Cheering for an injured player who comes out of a game is widely considered proper sports etiquette, even if that player is a member of the opposing team.
But in the Big Apple, sometimes even injured players from the home team are subjected to the vengeful wrath of frustrated fans who can't contain their 'boos'.
Rauch went on a three-tweet rank from his official Twitter handle @jrauch60, tweeting "Very disappointed with the fans who booed Jason Bay as he came off the field. This is a serious injury that affects his livelihood and his well being. He plays his heart out every time he takes the field. It's very unfortunate that he's had to deal with multiple concussions and other injuries - we all have him and his family in our thoughts and prayers for a speedy recovery."
Rauch had to know New York was a tough town coming here over the offseason, but this was perhaps his first taste of just how brutal the fans can be.
Rauch watched helpfully as Bay wobbled off the field to a flurry of jeers from the heated Citi Field fan base.
Bay, who was clearly wobbly on his feet while walking off the field, has been the source of Mets' fans frustration for two-and-a-half years, as he's shaping up to be the worst free-agent signing in New York Mets history.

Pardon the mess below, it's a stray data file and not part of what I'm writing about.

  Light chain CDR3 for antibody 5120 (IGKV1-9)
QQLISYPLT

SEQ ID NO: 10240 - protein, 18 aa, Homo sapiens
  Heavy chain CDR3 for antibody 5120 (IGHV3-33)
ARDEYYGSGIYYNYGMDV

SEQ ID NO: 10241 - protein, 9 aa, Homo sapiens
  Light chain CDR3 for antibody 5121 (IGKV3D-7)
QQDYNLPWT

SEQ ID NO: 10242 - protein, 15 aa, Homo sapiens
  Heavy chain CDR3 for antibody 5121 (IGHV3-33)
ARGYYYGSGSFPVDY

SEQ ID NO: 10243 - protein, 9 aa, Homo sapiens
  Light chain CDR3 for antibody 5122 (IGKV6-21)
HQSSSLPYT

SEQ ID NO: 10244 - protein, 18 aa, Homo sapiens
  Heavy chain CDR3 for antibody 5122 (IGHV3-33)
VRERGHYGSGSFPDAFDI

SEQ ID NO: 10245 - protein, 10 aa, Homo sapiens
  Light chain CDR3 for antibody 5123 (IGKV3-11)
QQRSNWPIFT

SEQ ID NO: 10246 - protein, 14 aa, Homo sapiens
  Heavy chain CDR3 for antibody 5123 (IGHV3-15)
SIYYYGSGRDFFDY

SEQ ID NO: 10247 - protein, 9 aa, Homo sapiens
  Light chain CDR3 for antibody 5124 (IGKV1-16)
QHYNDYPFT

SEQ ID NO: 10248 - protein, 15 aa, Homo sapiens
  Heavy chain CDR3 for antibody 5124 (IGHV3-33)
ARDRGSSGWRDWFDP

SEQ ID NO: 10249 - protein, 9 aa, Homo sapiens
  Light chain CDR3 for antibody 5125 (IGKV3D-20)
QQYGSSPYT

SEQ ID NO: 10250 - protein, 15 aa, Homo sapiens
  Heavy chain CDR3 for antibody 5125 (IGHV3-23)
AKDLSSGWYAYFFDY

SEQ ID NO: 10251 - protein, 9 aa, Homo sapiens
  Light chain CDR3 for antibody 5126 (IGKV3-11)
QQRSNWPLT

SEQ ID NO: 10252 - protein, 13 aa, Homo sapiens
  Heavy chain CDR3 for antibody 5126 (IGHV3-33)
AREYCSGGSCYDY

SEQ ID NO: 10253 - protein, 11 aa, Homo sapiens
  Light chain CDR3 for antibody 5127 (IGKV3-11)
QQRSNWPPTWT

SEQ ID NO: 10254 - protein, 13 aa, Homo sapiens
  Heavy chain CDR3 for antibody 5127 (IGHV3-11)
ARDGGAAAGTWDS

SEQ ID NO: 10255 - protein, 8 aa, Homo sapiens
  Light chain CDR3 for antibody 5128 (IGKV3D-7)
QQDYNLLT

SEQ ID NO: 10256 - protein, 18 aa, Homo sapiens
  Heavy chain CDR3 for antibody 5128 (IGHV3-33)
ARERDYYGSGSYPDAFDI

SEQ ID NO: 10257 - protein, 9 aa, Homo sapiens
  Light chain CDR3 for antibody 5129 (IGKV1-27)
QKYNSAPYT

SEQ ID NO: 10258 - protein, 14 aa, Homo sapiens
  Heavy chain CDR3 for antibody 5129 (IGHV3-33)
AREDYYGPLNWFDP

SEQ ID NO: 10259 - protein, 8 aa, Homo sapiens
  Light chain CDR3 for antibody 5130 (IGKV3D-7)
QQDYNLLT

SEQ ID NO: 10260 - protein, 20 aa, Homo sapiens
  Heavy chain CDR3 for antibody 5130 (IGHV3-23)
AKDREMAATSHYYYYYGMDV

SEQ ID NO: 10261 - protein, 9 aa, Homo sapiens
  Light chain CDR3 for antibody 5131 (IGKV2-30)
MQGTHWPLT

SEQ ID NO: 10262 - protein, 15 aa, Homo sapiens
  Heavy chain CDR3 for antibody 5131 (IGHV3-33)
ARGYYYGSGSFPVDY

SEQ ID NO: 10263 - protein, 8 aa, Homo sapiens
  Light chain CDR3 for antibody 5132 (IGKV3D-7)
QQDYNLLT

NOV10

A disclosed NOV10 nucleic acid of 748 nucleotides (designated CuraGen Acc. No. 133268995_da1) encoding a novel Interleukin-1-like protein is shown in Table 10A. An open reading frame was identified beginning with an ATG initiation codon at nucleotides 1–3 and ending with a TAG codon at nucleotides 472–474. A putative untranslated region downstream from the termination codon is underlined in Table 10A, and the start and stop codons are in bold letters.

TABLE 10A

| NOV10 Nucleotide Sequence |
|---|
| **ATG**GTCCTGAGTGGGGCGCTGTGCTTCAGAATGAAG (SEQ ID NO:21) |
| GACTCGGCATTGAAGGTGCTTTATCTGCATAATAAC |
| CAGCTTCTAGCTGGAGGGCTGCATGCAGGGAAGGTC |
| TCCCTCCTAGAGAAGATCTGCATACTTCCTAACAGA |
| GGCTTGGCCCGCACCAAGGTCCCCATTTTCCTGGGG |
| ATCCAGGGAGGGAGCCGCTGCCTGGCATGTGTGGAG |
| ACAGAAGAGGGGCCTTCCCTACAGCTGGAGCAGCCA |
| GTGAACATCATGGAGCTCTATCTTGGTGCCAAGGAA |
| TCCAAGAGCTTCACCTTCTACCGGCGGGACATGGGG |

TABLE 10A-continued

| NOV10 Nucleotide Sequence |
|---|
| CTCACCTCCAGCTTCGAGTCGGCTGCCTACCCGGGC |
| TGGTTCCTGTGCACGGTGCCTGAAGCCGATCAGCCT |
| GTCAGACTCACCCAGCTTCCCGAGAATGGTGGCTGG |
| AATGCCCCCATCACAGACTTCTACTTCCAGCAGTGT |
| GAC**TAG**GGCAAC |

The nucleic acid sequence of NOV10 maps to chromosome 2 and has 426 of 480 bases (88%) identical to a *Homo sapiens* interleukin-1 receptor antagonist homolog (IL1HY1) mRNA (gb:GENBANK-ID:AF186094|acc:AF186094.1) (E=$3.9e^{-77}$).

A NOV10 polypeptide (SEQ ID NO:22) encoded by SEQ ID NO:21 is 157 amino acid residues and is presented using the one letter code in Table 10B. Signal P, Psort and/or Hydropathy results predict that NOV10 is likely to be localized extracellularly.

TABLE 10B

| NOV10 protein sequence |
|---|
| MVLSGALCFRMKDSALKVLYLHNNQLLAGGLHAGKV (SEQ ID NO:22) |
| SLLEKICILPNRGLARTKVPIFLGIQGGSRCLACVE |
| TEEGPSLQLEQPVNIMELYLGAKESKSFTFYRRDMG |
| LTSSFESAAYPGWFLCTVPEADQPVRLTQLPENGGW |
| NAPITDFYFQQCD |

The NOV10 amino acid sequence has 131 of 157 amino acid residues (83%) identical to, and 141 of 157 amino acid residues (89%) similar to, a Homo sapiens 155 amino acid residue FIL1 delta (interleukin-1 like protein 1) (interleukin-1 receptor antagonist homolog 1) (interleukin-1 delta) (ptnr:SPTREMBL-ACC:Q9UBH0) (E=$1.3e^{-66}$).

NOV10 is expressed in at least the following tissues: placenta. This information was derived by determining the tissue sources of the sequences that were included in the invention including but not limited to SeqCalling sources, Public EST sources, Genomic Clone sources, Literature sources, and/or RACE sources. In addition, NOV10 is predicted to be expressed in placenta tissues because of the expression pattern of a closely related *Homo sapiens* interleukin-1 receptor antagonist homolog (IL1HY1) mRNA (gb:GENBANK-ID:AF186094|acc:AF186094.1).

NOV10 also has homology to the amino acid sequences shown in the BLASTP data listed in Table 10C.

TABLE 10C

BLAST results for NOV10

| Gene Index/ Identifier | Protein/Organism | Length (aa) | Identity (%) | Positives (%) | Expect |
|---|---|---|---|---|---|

After a solid eight-year career split between the Boston Red Sox and Pittsburgh Pirates, Bay lost his touch immediately after joining the New York Mets.
He tallied just 22 homers in 240 games played for the Mets, less than half as many as he hit with the Boston Red Sox in 40 fewer games.
To make matters worse, he's been forced to miss dozens of games due to injury, including bouts with flu-like symptoms and two concussions that were the result of painful collisions with outfield walls.
To be fair, not every fan was booing him when he was pulled from the game on June 15. There were pockets of cheers, and sprinkles of boos.
It pains me to say it as a New York sports fan, but only locally and perhaps in Philadelphia, do you see fans booing injured athletes as they are leaving games.
In the "City of Brotherly Love," Philadelphia Eagles fans once cheered when Dallas Cowboys receiver Michael Irvin was seriously injured. In 2012, they also heckled Washington Nationals slugger Jayson Werth after an injury.
Bad sportsmanship is one thing, but booing an injured athlete is just plain classless. In my view, New York Mets fans weren't booing Bay for a lack of hustle. In the heat of the moment, frustrations got the best of them and they booed him for his constant lack of production.
As for Rauch, he was clearly correct in his assessment, but it's not really his place to step in to scold fans for their actions. No matter what, one single player can't take on an entire group of fans and expect to win. For a player, the best thing to do is to just ignore it.